Running a fire flow analysis in EPS (Extended Period Simulation)

Applies To
Product(s): WaterGEMS, WaterCAD
Version(s): CONNECT Edition, V8i
Area: Modeling
Original Author: Mark Pachlhofer, Bentley Technical Support Group

 

Problem

How do you set up an EPS (Extended Period Simulation) scenario for fire flow that would run for a certain amount of time?

Or, how can you compare automated fireflow results to a manual EPS check?

Solution

In some cases you may want to see the impact of the duration of a fire event, such as how long it will take to drain storage tanks. The traditional automated fire flow tool is a steady state run only, so you must manually set up an EPS simulation that uses a pattern to peak the demand at whichever hydrants or junctions you'd like to run the fire flow on.  

The screenshot below shows how you might set your pattern up of you were running a 3 hour fire flow at 2,000 L/min from hours 18-20 from your simulation start time.  

The automated fire flow analysis calculates the water that can be delivered to a node for fire fighting at one point in time (steady state). Therefore, an extended period simulation (EPS) does not apply and cannot be run with this tool.

By setting the calculation option "Is EPS Snapshot" to True, the fire flow analysis will consider the starting date and time and apply the appropriate pattern multipliers for that time. However, this is still a steady-state analysis.

Comparing Automated Fireflow Results to EPS

If you are running an Extended Period Simulation (EPS) with a demand set on a hydrant or junction that is equal to the available fireflow observed from an automated fireflow run, results can be different due to:

  • Demand conditions elsewhere in the model: If you have demand patterns, you will need to use an EPS Snapshot with your automated fireflow run, where the time is set to time that you are observing during the EPS run. This will ensure that pattern multipliers are applied to the demands so as to make an equivalent "apples to apples" comparison. Also, ensure that the available fireflow demand that you have added to the node in question is removed in the fireflow scenario that you are comparing to, otherwise it will be counted twice (unless you have selected the option in the firelfow alternative to replace baseline demands). Lastly, your EPS scenario should have a pattern applied to the fireflow demand (see above) to simulate when and for how long the fire will occur, otherwise the demand will be applied during the entire simulation.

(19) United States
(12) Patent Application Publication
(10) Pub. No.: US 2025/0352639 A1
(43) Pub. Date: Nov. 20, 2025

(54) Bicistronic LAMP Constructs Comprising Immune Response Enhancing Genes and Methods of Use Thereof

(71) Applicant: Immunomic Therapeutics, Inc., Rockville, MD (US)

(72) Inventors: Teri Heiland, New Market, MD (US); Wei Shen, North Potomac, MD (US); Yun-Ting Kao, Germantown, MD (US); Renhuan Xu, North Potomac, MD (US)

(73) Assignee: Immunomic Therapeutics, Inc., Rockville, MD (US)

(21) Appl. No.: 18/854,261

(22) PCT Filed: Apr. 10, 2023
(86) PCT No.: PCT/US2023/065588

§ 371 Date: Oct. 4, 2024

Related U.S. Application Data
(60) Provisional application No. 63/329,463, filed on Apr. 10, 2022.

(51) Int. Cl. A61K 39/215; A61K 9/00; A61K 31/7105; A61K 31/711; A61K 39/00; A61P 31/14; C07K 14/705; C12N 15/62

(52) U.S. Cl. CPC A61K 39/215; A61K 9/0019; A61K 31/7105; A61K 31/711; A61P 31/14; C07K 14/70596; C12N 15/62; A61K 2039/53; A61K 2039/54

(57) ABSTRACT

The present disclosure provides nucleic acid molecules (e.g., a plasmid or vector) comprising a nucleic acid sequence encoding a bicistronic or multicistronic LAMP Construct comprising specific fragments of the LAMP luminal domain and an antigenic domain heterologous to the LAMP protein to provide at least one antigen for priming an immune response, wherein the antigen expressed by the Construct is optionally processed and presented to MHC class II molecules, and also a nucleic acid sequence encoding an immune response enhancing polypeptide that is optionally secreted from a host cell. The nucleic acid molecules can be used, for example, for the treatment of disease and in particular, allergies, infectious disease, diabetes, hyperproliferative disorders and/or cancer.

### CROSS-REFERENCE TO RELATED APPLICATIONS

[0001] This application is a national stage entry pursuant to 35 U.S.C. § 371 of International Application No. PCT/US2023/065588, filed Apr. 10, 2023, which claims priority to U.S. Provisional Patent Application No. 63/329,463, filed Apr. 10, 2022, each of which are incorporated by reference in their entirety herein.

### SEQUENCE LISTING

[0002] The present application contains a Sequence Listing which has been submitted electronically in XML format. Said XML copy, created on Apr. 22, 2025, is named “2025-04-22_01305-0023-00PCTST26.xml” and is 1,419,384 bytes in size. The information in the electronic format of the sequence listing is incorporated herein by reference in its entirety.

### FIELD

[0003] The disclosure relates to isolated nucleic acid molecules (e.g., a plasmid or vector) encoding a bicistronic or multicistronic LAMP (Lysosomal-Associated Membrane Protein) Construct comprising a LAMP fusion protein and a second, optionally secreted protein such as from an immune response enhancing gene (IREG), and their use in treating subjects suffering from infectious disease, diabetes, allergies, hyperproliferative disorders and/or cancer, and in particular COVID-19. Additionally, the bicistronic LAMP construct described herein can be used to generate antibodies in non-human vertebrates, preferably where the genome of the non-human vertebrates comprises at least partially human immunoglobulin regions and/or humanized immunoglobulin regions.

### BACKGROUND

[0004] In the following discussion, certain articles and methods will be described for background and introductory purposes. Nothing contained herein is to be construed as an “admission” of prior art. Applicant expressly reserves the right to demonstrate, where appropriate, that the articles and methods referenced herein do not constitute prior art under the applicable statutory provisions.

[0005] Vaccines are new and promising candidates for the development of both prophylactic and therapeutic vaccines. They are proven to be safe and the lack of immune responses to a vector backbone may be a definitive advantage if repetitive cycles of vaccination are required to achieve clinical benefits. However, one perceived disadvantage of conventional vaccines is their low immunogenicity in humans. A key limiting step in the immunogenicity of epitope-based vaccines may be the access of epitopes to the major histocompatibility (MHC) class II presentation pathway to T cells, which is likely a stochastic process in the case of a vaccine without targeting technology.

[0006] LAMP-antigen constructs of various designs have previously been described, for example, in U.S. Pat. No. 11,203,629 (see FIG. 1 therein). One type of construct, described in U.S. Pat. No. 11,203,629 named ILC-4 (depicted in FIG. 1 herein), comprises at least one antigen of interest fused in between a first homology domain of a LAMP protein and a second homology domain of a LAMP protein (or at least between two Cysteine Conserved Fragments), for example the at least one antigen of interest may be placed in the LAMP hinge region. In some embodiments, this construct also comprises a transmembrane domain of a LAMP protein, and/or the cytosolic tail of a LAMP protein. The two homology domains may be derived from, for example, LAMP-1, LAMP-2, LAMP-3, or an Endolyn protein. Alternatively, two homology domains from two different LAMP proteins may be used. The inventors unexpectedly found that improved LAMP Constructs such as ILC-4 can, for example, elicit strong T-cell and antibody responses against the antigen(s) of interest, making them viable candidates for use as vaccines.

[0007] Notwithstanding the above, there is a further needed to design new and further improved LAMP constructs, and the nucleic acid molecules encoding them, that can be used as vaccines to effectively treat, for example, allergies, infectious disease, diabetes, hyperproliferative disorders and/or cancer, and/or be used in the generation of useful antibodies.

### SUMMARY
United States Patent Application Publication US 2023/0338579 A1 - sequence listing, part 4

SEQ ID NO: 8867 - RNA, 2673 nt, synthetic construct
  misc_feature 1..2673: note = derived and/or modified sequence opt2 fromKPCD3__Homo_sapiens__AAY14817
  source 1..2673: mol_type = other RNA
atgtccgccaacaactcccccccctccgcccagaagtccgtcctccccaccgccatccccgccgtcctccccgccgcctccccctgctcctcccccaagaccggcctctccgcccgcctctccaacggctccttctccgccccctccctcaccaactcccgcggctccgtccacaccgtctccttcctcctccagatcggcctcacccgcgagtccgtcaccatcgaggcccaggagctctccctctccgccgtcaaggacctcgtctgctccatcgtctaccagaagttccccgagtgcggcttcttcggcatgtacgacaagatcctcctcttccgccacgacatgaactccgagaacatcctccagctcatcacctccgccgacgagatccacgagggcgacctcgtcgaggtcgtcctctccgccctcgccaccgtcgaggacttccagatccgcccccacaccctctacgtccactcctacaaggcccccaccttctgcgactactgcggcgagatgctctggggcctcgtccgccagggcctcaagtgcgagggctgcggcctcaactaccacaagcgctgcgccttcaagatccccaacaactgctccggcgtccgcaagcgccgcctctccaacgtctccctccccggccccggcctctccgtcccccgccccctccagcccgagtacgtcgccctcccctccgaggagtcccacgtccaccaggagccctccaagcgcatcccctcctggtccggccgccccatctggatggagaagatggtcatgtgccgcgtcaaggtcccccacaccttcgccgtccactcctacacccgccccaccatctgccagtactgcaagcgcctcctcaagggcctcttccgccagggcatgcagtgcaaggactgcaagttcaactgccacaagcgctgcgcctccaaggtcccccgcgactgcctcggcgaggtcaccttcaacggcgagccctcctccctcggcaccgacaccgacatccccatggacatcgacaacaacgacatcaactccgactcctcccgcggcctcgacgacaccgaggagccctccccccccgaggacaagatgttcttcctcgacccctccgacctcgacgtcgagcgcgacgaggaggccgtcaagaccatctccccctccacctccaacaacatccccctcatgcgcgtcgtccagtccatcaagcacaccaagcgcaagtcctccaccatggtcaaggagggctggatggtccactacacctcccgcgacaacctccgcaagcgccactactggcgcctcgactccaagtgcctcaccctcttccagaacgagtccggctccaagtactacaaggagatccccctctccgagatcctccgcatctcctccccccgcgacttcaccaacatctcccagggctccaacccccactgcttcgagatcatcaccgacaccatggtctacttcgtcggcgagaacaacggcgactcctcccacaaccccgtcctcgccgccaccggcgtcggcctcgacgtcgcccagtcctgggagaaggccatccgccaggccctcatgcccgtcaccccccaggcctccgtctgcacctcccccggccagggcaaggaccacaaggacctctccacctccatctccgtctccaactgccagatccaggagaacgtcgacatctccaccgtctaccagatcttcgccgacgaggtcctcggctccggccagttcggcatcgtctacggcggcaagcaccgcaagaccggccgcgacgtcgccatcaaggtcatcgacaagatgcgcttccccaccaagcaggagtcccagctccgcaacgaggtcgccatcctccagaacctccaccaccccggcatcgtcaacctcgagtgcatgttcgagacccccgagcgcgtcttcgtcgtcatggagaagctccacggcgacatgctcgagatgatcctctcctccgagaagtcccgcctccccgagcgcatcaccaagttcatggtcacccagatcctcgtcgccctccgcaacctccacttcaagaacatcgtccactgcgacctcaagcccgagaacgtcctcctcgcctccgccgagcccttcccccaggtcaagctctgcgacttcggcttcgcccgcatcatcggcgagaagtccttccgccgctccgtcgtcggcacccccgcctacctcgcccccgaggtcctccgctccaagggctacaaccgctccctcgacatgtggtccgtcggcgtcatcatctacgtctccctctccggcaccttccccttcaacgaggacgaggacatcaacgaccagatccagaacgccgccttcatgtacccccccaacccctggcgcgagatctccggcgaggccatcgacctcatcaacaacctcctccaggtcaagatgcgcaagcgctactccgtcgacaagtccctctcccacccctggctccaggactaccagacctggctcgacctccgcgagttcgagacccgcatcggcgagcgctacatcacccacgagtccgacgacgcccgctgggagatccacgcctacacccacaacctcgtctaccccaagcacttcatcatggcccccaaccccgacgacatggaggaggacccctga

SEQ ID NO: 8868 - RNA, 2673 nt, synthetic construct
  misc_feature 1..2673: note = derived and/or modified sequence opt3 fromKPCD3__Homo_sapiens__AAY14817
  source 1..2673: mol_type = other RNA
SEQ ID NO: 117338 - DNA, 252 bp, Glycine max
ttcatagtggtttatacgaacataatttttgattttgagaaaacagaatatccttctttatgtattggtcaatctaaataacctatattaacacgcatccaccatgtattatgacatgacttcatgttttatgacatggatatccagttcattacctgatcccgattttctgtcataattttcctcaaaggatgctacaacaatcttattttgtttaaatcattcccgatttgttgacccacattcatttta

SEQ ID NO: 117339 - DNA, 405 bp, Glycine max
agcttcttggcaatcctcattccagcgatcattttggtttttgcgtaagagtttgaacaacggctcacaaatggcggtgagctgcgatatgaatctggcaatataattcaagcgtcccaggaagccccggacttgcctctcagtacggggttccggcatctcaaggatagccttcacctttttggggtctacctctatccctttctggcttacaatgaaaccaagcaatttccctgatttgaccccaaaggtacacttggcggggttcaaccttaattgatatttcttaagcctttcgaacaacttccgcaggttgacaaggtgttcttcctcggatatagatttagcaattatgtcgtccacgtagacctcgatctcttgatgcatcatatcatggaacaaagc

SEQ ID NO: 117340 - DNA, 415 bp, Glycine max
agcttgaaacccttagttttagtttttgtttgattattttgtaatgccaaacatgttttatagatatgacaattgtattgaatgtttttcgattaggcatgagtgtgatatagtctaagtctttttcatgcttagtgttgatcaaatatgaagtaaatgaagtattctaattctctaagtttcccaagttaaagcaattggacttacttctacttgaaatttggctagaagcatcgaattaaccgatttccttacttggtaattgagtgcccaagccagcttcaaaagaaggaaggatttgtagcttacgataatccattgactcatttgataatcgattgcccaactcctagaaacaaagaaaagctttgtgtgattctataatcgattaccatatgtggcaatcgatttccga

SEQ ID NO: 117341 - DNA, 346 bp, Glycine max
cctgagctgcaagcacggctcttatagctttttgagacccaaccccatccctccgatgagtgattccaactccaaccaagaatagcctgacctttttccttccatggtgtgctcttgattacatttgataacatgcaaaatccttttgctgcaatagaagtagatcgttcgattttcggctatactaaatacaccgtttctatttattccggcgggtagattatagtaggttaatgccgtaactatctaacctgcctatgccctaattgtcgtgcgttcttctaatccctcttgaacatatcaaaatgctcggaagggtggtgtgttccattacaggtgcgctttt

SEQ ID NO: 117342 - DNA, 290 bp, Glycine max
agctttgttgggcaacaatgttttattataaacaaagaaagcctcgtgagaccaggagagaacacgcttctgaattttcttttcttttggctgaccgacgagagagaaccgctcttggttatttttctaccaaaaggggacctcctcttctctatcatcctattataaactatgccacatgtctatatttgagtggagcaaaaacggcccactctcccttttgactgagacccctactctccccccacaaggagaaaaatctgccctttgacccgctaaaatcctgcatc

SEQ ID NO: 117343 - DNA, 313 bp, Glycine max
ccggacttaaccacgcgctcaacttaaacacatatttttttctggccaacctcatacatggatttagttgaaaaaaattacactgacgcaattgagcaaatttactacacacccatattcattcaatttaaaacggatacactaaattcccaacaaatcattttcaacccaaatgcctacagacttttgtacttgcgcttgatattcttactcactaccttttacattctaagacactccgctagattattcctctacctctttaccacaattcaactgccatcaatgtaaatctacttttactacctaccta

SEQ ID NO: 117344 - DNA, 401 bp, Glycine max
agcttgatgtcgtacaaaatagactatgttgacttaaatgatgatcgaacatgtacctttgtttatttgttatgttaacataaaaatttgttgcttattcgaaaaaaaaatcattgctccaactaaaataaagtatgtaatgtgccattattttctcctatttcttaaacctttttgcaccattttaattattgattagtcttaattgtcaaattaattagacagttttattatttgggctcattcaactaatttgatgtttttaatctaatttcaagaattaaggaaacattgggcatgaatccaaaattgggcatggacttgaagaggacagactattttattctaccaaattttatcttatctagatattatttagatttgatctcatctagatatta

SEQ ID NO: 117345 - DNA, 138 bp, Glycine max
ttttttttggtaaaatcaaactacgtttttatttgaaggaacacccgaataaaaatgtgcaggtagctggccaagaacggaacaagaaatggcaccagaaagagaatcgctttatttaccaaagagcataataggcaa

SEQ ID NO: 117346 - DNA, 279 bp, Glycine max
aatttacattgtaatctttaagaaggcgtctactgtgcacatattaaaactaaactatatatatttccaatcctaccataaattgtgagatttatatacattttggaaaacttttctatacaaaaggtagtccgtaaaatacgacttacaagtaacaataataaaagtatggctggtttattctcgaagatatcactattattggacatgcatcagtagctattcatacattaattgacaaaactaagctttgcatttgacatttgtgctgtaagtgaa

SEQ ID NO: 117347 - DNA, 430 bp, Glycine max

• Tank levels: it is important to remember that tank levels can change during an EPS whereas during automated fireflow a snapshot of time is examined, during which the tank level is equal to the initial level that you have set. During an EPS, tanks can fill or drain, impacting results such as pressure at later times during the simulation. This is even more likely to occur in an EPS with a fireflow demand added, as the large demand will tend to cause tanks to drain quickly.
  • Element status: similar to tank level, if other elements are changing status during the EPS (such as pump and valve status), you will need to manually change the initial status of those elements to match, in the fireflow scenario. Be sure to use separate Initial Settings alternatives in the two scenarios in question.

Running a steady state fire flow at the peak conditions of an EPS

In some cases, a standard check would be to look at a range of fire flows and the resulting pressures, at the worst-case time during an EPS. For this, you can use the new "EPS Fire Analysis" tool available for the CONNECT Edition:

Fire flow analysis at the time of minimum pressure (EPS Fire Flow Analysis Tool)

See Also

EPS (Extended Period Simulation) Fire Flow Analysis Tool

Understanding Automated Fire Flow Results

WaterGEMS and WaterCAD Automated Fire Flow FAQ

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